Team USA did outstanding at the 2016 Rio De Janeiro Olympic Games. More specifically, Americans competing in shooting sport events were on fire! It is also interesting to note how many of our Olympic shooting sports leaders came to the sport with a hunting background. In fact, for several Olympians, hunting is absolutely part of who they are!
The very first Gold Medal awarded this Olympics was won by 19 year old, Virginia native, Ginny Thrasher in the 10-meter air rifle competition last Saturday. Ginny’s air rifle of choice, her black Feinwerkbau 700 air rifle. This high pressured air rifle advertises that it will “leave the competition standing in your wake,” and that is exactly what Ginny Thrasher did. Thrasher shot a new Olympic record with a score of 208. When Ginny is not at target practice, she has been found hunting whitetails with her Grandpa.
Six time Olympian and gold medalist, Kimberly Rhode added another bronze medal to her collection at the Womens’ Skeet Shooting event. Kimberly is very much a hunter and grew up chasing everything from deer to dove with her father and grandfather. Kim is also a member of Safari Club International, a conservation organization dedicated to supporting hunting/conservation efforts world wide.
Corey Cogdell also captured a bronze medal in the Womens’ Trap Shooting event. This was her 2nd Olympics. Corey grew up hunting in Alaska and it is a big part of her life!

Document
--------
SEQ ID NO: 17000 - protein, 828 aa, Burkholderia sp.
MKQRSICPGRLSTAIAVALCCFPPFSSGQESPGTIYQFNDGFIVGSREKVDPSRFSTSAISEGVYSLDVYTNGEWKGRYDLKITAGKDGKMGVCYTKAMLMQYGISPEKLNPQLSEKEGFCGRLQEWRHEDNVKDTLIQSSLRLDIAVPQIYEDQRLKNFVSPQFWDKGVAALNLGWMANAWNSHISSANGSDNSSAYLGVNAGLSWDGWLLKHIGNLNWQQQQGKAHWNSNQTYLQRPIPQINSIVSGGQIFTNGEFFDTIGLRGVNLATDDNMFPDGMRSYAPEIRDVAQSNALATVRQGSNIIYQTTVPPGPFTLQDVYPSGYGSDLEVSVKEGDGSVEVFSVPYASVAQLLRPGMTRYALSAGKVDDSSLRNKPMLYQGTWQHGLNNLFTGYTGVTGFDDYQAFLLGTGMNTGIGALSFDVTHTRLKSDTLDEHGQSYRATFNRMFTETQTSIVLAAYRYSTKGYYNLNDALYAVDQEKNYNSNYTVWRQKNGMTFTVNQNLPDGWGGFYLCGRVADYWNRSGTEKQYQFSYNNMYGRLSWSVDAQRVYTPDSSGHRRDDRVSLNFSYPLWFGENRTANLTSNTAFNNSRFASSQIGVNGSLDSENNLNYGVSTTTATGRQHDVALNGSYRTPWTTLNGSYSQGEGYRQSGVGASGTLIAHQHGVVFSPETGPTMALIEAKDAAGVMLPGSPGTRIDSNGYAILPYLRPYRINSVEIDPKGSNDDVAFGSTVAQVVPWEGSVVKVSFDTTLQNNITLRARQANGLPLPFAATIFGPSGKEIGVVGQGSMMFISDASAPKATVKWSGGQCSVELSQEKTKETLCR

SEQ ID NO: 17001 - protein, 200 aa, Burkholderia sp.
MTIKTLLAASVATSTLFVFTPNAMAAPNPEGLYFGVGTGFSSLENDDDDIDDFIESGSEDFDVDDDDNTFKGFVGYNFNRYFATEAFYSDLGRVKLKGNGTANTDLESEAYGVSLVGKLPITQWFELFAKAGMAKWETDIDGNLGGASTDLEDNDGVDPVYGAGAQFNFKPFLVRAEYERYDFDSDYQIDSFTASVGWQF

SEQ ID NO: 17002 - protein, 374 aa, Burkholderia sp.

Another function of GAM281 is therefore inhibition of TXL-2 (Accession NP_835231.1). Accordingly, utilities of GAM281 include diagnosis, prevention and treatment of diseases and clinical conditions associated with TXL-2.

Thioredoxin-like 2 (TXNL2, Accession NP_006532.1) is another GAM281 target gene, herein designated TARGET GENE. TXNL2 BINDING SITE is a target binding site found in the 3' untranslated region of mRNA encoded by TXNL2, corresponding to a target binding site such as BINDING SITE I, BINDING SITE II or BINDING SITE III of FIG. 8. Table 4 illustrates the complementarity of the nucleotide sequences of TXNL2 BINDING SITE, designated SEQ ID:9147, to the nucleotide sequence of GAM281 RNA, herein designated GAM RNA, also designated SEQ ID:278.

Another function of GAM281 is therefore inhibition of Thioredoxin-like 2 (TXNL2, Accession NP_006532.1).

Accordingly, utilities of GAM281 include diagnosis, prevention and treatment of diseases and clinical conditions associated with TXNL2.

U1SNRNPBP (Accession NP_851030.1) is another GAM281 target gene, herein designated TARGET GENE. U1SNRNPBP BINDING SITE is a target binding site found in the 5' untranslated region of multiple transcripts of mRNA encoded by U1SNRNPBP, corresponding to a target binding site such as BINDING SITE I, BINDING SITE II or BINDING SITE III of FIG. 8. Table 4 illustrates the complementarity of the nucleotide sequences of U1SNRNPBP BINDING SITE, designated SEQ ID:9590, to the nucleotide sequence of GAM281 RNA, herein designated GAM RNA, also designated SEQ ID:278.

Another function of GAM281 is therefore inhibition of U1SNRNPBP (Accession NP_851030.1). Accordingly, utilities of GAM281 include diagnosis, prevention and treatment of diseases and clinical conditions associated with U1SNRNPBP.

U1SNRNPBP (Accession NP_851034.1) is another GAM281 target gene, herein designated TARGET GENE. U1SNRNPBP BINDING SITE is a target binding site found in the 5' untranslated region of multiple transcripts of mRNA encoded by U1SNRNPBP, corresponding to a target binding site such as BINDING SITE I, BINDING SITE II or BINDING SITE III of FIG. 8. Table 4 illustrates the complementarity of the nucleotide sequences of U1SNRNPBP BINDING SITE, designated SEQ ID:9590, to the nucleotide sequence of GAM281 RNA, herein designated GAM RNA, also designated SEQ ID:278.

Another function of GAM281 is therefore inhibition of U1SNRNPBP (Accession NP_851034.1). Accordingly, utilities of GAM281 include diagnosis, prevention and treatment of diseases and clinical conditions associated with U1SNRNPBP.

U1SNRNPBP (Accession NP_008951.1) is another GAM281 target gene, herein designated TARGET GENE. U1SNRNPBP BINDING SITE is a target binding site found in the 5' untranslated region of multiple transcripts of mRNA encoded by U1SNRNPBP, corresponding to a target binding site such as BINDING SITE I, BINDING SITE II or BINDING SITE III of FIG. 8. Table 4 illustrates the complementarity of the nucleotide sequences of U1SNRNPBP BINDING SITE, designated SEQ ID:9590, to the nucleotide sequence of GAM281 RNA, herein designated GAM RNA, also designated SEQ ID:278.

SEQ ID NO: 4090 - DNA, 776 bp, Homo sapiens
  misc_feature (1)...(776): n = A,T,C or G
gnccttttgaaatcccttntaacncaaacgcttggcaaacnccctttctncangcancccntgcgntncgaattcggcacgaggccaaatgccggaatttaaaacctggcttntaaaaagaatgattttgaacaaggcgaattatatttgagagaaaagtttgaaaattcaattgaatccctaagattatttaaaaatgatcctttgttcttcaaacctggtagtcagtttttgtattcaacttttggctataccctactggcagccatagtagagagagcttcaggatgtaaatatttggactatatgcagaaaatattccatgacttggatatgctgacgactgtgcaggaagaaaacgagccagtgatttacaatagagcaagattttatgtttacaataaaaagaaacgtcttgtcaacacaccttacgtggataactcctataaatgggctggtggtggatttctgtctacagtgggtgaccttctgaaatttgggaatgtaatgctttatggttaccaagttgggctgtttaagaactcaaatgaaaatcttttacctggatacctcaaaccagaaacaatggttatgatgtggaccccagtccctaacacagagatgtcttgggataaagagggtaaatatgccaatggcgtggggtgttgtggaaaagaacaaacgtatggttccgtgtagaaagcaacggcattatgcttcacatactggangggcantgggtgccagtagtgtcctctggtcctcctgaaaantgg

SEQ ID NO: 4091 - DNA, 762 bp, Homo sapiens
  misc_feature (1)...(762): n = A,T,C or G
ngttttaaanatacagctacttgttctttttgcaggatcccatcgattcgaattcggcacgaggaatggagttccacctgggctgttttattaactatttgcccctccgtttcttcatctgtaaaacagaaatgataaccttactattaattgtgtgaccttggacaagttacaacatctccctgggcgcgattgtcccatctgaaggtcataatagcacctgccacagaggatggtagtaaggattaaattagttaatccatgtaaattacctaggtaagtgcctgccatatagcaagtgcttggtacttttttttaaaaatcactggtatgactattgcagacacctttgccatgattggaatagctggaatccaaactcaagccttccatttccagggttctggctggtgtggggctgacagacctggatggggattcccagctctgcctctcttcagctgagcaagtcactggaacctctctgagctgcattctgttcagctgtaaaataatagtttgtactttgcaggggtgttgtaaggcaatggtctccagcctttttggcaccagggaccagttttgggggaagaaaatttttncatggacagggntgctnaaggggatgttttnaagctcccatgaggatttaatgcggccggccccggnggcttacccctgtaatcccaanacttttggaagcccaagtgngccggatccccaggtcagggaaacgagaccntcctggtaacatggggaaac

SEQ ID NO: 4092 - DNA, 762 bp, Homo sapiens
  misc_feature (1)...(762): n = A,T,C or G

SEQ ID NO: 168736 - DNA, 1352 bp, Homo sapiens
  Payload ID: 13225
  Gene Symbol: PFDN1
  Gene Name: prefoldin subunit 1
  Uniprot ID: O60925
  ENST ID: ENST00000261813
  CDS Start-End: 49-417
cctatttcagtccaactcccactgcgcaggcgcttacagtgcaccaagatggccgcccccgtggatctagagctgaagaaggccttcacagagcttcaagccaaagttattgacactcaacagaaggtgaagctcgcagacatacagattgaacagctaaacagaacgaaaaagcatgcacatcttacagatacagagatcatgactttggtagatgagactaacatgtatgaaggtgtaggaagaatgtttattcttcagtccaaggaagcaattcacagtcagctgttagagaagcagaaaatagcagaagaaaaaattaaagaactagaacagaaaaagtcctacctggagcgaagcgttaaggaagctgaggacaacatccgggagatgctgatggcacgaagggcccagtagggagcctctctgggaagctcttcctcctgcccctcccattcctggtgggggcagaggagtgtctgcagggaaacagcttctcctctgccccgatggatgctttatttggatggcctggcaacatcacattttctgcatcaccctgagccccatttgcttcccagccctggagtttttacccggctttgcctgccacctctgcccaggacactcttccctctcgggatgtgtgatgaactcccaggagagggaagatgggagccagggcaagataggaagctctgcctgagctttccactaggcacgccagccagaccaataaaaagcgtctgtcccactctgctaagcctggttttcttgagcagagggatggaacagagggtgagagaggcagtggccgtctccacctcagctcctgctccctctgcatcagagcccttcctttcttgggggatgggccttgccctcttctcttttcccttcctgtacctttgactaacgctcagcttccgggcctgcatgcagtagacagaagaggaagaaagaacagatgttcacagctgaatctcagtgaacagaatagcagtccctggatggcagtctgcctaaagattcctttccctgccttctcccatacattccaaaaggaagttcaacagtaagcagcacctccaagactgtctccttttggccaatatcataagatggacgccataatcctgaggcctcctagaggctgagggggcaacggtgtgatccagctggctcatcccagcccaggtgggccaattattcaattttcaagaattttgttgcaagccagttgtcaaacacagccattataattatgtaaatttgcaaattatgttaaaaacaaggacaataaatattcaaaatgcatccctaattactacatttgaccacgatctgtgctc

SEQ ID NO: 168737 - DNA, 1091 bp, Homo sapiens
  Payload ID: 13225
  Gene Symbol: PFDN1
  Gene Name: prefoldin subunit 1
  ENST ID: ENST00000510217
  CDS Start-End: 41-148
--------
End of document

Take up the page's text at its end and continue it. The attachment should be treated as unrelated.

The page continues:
USA Archery also made headlines. The Men’s Archery Team has taken home a silver medal for the 2nd Olympics in a row. U.S. archer, Brady Ellison also competed individually and took home a bronze medal. Brady is a big hunter who got his start in archery while elk hunting with his father. Brady represented the United States well this year. When asked about winning the bronze during a heart pounding shoot off he stated….You don’t know how tough you are until tough is going on.”
Mackenzie Brown is another notable Olympic archer who shot her first arrow as a young girl, in the National Archery in the Schools Program (NASP), a program that Nebraska Game and Parks Commission has helped bring to more than 250 schools across our state. The NASP program is providing several million youth each year the opportunity to experience archery. Who knows, maybe our next Olympic gold medalist is a young girl sitting in a fifth grade classroom in Lincoln Nebraska and doesn’t even know yet how much incredible talent she has! NASP may just be the key in helping her reach her Olympic dreams.
It is interesting how many of our Olympic shooting sports athletes grew up hunting with their families. It is easy to see how a youth could move from hunting into more serious competitive target shooting. After all, the shooting skill sets are very similar. You might even say that grass roots hunting skills have been the first training grounds for many Olympic shooters over the years. Way to go team USA and the many outdoorsmen and women who helped train them!
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